Libertarianism Defended

Front Cover
Ashgate Publishing, Ltd., 2006 - Philosophy - 348 pages
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Ever since the publication in 1974 of Robert Nozick's 'Anarchy, State and Utopia', libertarianism has been much discussed within political philosophy, science and economy circles. Yet libertarianism has been so strongly identified with Nozick's version of it that little attention has been devoted to other than Nozick's ideas and arguments. While Nozick's version of libertarianism has preoccupied the academic discussion Nozick himself has not responded to the many criticisms raised and yet other defenders of libertarianism have not remained silent. Jan Narveson, Loren Lomasky, Eric Mack, Douglas Rasmussen, Douglas Den Uyl and many others have contributed many impressive arguments of their own in support of the libertarian idea that a political system is just when it successfully secures the rights of individuals understood within the Lockean classical liberal tradition. In this book, Tibor R. Machan analyses the state-of-the-debate on libertarianism post Nozick. books and other publications, he examines closely the alternative non-Nozickian defenses of libertarianism that have been advanced and, by applying these arguments to innumerable policy areas in the field, Machan achieves a new visibility and prominence for libertarianism.
  

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Contents

Is It Responsible to be Free?
13
Here to Stay?
21
Justice Self and Natural Rights
31
Individualism and the Vitality of Community Life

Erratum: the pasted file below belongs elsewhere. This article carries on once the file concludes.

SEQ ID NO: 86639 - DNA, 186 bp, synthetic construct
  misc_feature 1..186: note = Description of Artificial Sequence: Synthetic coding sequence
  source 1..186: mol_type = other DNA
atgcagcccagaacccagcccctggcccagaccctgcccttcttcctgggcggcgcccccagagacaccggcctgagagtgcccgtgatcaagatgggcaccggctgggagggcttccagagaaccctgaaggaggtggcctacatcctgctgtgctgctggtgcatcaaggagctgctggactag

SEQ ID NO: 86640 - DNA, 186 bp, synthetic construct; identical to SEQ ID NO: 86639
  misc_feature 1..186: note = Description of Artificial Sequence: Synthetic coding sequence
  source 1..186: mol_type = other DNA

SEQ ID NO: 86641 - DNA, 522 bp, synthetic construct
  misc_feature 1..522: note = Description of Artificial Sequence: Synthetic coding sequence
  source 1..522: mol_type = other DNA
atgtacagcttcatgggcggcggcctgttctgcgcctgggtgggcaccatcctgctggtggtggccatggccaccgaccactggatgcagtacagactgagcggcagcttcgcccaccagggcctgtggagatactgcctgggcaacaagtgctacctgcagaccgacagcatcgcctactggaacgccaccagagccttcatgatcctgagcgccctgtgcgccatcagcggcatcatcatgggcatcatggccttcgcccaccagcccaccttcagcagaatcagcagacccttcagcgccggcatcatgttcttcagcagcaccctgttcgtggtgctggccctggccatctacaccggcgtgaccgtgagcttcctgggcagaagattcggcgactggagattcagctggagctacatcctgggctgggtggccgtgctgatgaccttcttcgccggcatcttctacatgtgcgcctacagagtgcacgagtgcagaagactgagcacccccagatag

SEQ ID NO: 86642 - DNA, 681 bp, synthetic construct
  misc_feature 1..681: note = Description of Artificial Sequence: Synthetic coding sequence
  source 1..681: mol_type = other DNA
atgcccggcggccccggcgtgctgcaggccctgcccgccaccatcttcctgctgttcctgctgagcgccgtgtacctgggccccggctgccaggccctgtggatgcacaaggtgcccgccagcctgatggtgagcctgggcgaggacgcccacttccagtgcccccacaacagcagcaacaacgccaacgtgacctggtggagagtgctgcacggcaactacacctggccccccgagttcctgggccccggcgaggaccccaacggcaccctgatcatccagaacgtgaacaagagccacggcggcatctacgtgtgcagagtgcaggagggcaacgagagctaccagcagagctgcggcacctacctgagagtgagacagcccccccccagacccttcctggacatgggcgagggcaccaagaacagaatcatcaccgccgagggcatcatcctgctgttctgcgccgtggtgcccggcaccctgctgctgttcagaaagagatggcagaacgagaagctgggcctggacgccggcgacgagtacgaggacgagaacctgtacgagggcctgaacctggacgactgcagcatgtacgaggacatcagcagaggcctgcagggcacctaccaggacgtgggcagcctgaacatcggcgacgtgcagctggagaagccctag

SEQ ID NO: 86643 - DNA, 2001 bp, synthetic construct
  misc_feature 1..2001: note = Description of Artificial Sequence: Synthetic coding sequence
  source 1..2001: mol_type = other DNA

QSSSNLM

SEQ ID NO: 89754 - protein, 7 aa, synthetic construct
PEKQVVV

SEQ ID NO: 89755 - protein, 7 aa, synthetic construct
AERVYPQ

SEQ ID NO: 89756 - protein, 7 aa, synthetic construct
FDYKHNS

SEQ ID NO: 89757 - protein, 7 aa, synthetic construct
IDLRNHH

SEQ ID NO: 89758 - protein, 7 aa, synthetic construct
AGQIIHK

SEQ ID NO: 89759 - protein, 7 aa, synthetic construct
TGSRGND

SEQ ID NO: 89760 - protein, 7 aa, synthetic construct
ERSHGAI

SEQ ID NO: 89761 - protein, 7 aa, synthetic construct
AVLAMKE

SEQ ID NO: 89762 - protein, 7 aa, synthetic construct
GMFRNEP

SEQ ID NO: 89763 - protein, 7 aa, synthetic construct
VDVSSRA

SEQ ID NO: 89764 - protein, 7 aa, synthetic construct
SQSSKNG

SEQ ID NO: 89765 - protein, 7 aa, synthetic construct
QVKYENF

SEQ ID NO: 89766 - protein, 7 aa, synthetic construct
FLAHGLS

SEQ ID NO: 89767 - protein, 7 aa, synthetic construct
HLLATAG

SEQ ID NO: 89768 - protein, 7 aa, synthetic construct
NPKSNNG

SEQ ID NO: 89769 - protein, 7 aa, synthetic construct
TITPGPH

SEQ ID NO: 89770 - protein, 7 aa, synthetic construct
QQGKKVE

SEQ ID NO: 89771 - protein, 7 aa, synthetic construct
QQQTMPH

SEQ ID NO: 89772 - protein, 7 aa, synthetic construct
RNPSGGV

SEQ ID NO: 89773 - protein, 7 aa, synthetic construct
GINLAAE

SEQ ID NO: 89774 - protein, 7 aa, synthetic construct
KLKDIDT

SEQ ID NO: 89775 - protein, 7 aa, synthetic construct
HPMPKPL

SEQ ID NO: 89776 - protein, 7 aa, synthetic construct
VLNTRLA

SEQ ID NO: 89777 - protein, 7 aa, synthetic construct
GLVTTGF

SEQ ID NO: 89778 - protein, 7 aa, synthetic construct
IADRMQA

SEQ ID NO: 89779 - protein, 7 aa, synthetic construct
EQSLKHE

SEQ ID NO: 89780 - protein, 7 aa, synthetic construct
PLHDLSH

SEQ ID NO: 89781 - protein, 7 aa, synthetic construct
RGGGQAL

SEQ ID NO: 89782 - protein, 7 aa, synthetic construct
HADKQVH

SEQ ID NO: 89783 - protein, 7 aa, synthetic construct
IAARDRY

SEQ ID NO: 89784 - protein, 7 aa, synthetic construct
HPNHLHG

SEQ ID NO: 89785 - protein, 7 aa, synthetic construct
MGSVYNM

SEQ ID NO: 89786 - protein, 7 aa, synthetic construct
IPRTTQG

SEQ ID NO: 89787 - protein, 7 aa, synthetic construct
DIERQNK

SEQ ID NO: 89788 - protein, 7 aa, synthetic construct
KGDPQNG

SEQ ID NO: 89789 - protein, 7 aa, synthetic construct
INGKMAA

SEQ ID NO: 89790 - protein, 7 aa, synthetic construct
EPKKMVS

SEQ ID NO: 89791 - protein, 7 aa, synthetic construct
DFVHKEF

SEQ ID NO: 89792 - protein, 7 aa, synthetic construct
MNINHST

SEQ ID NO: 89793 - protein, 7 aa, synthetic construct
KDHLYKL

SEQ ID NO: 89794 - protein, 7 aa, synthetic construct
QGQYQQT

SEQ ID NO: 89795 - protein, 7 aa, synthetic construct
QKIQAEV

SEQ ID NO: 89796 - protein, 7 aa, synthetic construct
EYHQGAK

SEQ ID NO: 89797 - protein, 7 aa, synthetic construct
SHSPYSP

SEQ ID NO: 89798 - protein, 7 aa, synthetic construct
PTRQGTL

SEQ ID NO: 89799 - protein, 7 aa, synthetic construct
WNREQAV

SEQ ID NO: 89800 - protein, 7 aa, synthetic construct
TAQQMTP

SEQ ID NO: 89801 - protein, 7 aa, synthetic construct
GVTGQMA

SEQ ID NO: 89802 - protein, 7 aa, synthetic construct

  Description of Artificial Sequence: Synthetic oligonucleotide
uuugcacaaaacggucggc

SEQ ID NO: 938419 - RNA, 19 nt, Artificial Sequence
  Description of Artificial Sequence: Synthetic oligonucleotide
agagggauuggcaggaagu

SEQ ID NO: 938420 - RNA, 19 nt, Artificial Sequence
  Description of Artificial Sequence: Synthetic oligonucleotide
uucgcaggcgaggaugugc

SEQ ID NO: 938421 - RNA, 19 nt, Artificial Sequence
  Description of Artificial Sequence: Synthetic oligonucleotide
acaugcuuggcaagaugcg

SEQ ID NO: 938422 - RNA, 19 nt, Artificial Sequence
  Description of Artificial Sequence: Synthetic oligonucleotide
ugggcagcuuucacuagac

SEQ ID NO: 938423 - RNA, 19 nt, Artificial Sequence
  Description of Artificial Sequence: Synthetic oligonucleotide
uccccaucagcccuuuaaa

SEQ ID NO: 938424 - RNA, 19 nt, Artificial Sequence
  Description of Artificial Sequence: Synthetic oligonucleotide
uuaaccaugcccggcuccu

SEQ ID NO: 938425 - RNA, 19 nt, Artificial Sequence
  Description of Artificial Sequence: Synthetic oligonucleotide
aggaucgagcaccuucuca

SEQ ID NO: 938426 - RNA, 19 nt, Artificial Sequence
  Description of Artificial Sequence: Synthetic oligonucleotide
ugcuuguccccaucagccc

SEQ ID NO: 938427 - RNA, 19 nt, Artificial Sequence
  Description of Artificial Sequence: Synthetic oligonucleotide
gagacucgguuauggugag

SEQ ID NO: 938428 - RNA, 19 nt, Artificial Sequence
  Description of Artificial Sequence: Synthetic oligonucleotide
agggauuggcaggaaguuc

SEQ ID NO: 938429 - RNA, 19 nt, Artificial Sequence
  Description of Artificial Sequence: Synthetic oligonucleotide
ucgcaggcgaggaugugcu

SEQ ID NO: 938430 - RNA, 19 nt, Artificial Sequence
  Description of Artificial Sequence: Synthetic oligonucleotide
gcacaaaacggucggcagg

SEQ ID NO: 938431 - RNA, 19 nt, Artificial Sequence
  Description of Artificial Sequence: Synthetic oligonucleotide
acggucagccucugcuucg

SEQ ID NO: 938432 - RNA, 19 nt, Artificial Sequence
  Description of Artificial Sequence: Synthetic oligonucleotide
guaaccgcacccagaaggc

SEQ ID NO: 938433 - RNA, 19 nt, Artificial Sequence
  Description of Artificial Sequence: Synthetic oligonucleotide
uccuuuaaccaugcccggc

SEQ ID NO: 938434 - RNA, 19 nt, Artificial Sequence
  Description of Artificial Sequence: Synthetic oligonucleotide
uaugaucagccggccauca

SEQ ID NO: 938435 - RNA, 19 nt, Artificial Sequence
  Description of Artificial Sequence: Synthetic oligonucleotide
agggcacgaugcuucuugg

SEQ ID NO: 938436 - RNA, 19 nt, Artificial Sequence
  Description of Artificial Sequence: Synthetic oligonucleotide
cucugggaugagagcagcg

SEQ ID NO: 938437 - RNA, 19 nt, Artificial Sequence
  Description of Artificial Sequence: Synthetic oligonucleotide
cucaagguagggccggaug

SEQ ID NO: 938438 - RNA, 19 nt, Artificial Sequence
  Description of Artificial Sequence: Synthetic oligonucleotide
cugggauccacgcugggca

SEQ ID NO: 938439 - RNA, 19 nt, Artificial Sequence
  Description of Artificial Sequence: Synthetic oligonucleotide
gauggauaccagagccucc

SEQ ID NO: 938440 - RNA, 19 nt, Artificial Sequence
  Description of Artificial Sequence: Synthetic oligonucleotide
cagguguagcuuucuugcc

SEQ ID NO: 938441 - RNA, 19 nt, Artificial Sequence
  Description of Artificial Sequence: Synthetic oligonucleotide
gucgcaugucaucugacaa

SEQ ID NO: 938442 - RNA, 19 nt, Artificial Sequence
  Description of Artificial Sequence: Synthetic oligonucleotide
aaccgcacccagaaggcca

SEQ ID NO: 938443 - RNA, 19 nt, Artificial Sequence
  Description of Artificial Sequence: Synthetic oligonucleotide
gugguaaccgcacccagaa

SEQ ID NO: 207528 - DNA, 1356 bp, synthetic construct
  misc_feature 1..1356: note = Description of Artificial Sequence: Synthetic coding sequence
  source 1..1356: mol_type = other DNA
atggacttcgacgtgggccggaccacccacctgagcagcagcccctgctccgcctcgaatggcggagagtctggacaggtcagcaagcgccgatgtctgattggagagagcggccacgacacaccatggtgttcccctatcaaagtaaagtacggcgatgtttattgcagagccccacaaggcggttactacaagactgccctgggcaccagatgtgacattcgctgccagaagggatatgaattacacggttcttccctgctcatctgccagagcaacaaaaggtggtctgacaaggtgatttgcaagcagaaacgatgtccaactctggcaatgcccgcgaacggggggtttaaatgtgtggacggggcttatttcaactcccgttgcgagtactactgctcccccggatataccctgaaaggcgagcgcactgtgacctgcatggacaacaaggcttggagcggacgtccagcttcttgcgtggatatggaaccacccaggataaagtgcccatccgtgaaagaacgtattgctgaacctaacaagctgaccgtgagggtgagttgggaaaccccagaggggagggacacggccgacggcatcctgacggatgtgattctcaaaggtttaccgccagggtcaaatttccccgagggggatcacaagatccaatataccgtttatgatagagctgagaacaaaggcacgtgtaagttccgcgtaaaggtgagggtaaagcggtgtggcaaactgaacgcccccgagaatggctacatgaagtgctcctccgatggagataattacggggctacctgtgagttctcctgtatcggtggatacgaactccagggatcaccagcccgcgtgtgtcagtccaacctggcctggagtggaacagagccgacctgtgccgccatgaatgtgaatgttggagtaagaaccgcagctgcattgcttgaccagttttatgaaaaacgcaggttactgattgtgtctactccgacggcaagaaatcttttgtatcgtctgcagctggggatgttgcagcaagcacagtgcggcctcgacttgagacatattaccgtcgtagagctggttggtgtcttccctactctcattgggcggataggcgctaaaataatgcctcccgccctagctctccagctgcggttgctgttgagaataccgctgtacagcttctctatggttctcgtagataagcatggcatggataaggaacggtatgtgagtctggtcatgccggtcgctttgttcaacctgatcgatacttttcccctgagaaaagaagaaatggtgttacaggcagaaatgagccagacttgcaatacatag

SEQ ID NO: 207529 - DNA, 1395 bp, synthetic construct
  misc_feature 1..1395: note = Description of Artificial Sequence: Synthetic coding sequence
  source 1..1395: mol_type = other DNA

71
Economics and Human Values
83
Finding the Rational
97
A Positive Libertarian View of Government
121
Allies After All?
147
Between Parent and Child
215
Should Ads for Hazardous Goods be Banned?
223
I6 The Ideology of Death that Will Not
233
l7 Libertarianism and Conservatism
241
l8 Socialism Redux on the Horizon
261
l9 Two Philosophers Skeptical of Negative Liberty
269
Does Libertarianism Imply the Welfare State?
299
The Dependence of Equality on Liberty
313

Robert Nozick and the Libertarian Alternative
163
Will Technology Make Us Free?
185
How Critical is Critical Legal Studies?
191
Should You Apologize?
203
Why Agreement Is Not Enough
321
Against Fairness
335
Epilogue
341
Copyright

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About the author (2006)

Tibor Machan is professor of philosophy at Auburn University. His articles have appeared in "The New York Times, The Los Angeles Times, The Chicago Tribune, "and "The Los Angeles Daily Journal. "He is the author of "The Virtue of Liberty; Capitalism and Individualism: Refraining the Argument for the Free Society; "and "Individuals and Their Rights. Nicholas Rescher "is professor of philosophy at the University of Pittsburgh.

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